Throughout the United States, socialism is enjoying a fresh wind of popularity. An April 2019 Gallup survey found that 43% of Americans believe socialism would be “a good thing” for the country (up from 25% in 1942). A full 47% of Americans say they would vote for a socialist presidential candidate. With those numbers, it should come as no surprise that in 2016, presidential candidate Bernie Sanders (America’s most popular “democratic socialist”) attracted more than 13 million votes during the Democratic primaries. More than 2 million of those voters were under the age of 30.
It’s easy to understand why Bernie appeals to young voters; after all, he campaigned on a platform of Medicare for all; free education and cancellation of all student debt; a “job guarantee;” a progressive tax system; and much more. And where Bernie came up short, Alexandria Ocasio-Cortez succeeded. As you may remember, AOC upset the New York incumbent, Rep. Joseph Crowley, 57 – 42 percent, on a platform that included Medicare for all; free college tuition; and a job guarantee. Sound familiar?
These silver-tongued promises are the (seemingly) sunny side of socialism. But they depend on – and eventually succumb to – the dark side of socialism, as set forth by its founding father, Karl Marx. Socialism (a term often used interchangeably with its close relative, communism) seeks the elimination of private ownership in favor of “social ownership” or state control. Merriam-Webster defines it this way: any of various economic and political theories advocating collective or governmental ownership and administration of the means of production and distribution of goods.
In layman’s terms, socialism trades economic freedom (and many other freedoms) for the “security” of state control. But don’t take my word for it.
The Democratic Socialists of America (DSA) – which has approximately 60,000 members (up from just 5,000 in November 2016) –calls for “cooperatives” and “social ownership,” in place of “big corporate bureaucracy.” It also seeks “greater democratic control” of private businesses in an effort to encourage accountability. The DSA proclaims that “many structures of our government and economy must be radically transformed.”
Of course, like Bernie and AOC, the DSA champion the sunny side of socialism, promising that “a long-term goal of socialism is to eliminate all but the most enjoyable kinds of labor,” and pledging to spread any remaining “unappealing jobs” among as many people as possible.
That last one has a certain comedic appeal; perhaps the DSA should adopt the slogan “misery loves company.” But the implications of socialism for our great republic would be tragic. Socialism and communism are not variations of a democratic republic. They are its antithesis.
Historian Lee Edwards, Ph.D., describes it this way: “Socialists promise a classless society but create the prison camps of the Gulag and the Isle of Pines. They assure peace but engage in wars of national liberation. They abolish private property but depend upon the underground economy. They stamp out religion but worship Big Brother. They bring down corrupt dictators but institute a dictatorship of the Party.”
Of course, ask a proponent of socialism about increased government control, and they’ll hail it as a positive development. To quote Winston Churchill, proponents of socialism are quick to cast capitalism as the “predatory tiger.” It’s blamed for the wealth of the top 1%, deplored as the cause of the Great Recession of 2008, and labeled a cause of greed, “privilege,” and any number of social ills. The solution – they say – is to constrain or abandon the free market in order to obtain equality. Countries like Sweden are lifted up as examples of the utopia that socialism might provide.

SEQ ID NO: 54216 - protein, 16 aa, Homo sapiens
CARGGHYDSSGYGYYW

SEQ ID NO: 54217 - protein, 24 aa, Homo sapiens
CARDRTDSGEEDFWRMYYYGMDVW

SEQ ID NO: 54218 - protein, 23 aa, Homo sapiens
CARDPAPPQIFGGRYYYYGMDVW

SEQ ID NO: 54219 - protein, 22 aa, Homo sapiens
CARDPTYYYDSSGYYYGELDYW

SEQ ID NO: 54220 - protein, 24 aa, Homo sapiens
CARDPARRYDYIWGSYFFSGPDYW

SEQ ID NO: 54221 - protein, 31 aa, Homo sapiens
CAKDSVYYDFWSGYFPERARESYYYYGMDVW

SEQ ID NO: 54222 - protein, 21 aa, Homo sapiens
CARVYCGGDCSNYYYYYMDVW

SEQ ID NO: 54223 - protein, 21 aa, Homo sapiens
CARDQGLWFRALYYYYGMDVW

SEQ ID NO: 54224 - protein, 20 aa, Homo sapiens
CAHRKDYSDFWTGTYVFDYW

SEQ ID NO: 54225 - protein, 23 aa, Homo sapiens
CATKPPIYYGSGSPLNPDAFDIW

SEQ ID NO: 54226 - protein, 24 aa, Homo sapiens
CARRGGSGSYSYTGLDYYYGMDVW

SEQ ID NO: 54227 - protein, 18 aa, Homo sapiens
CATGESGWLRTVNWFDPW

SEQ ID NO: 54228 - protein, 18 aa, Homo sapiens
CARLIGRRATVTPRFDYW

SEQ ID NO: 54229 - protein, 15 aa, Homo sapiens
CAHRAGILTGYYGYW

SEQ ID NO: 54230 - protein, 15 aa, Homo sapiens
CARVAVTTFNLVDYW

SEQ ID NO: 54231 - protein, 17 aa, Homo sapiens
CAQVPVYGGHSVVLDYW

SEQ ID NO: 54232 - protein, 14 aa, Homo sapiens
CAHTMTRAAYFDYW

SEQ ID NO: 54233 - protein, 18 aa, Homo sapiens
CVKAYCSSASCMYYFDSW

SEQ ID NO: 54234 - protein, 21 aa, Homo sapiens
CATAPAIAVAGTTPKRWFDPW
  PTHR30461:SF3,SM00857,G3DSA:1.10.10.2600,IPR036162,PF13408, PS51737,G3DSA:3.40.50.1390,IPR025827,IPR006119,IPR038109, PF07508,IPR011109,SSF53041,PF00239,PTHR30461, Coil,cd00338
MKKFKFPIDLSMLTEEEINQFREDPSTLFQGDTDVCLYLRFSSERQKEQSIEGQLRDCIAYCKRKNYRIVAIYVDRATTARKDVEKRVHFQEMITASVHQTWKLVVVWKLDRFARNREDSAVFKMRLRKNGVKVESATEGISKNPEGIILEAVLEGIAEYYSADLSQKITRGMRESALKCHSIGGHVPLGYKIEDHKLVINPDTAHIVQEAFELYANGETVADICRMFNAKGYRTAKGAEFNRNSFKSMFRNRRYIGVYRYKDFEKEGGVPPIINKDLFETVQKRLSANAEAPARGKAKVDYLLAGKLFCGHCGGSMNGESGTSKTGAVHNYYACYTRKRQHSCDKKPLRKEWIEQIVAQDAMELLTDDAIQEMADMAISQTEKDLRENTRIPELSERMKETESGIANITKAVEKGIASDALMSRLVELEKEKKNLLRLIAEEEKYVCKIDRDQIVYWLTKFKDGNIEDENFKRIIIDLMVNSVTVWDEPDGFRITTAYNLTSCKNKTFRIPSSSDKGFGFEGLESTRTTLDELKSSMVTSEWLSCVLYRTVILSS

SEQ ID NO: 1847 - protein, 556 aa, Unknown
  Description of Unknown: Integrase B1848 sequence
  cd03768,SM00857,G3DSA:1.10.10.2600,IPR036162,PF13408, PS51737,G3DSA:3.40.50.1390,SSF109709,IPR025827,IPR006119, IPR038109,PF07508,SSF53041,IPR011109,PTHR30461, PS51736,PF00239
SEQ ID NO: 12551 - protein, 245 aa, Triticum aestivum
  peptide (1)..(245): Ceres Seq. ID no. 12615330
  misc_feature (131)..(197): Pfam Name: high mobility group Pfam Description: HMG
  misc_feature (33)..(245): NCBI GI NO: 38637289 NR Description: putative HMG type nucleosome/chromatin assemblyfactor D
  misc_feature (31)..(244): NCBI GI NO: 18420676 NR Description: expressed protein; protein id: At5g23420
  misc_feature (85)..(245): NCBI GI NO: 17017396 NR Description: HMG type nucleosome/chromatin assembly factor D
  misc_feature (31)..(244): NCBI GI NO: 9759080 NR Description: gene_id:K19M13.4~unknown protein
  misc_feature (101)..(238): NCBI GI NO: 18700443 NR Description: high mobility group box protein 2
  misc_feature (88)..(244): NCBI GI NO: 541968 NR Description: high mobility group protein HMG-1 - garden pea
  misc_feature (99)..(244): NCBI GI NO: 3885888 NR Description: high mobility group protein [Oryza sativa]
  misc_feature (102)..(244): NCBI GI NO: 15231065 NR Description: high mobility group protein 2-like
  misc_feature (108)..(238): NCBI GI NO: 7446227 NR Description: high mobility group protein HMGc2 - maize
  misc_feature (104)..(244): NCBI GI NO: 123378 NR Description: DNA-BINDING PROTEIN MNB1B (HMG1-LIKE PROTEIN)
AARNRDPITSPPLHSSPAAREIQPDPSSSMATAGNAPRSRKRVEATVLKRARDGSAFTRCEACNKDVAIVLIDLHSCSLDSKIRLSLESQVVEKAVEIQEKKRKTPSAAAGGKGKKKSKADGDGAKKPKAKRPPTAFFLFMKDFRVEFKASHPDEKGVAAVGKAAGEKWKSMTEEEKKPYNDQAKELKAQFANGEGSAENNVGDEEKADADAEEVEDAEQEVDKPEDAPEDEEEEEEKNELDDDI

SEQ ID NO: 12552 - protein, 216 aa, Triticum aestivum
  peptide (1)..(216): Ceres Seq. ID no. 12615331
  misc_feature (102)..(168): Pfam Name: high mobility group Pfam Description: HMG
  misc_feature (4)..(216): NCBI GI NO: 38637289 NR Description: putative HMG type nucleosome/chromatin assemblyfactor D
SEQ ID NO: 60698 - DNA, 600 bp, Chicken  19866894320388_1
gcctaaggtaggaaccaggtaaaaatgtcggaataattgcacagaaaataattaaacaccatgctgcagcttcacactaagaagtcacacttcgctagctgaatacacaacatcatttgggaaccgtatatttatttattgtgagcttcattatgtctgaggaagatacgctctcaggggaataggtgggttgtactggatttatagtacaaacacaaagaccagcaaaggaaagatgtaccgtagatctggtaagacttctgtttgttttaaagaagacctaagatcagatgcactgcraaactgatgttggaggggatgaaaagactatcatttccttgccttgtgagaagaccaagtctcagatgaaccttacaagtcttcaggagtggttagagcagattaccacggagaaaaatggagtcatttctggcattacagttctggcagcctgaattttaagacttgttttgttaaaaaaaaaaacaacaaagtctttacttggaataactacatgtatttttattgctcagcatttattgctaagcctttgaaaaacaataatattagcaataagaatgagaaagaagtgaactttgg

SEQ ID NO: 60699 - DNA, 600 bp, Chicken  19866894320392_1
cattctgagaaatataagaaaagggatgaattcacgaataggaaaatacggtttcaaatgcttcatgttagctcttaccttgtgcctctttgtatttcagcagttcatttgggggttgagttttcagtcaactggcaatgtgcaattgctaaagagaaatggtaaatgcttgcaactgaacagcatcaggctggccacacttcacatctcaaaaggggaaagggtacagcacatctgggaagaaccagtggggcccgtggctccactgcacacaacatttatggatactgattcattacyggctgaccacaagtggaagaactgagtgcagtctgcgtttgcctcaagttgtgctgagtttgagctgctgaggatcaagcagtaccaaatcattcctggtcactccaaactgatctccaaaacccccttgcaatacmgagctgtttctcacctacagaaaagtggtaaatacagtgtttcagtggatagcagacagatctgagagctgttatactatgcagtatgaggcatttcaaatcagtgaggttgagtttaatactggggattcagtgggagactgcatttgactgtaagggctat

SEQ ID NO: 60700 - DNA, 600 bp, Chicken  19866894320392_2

The great irony is that Sweden is a shining example of the fact that free markets are the solution and not the problem. Swedish economist and Cato Institute fellow Johan Norberg explains: “Free markets and small government made Sweden rich. The experiment with socialism crashed us.” Indeed, while Sweden has “generous government entitlement programs” (as do its Nordic neighbors Norway, Finland, and Denmark), many of its policies would be very out of place at a Bernie Sanders rally. There are no minimum wage laws. There is school choice. The government sets limits on public spending and a “surplus goal” that helps keep its national debt low and has earned the county an AAA credit rating. In the 2019 Economic Freedom of the World Index, Sweden scored a 75.2, less than 2 points behind the United States (76.8) and above countries like Japan (72.1) and South Korea (72.3)
Thankfully, and despite the increased popularity of socialism as an ideal, Americans intuitively understand that the government is not better equipped than the private sector in matters related to the economy and wages. In fact, the same Gallup poll that found 43% of Americans believed socialism would be a good thing, also found that 62% believe the free market should control the economy and wages, and 68% believe it should be primarily responsible for the distribution of wealth. If these poll results sound contradictory, it’s because they are. Americans like the sound of socialism, but the substance is hard to swallow. The icing looks sweet but the cake is dry.
No reasonable American desires to see fellow citizens suffer from inadequate healthcare, drift aimlessly without work, or stumble under the weight of unreasonable debt. But socialism is not the answer. Socialism promises equality, but obtains it by punishing success and constraining free markets. It replaces our democratic republic – by the people and for the people – with a dictatorship of the proletariat.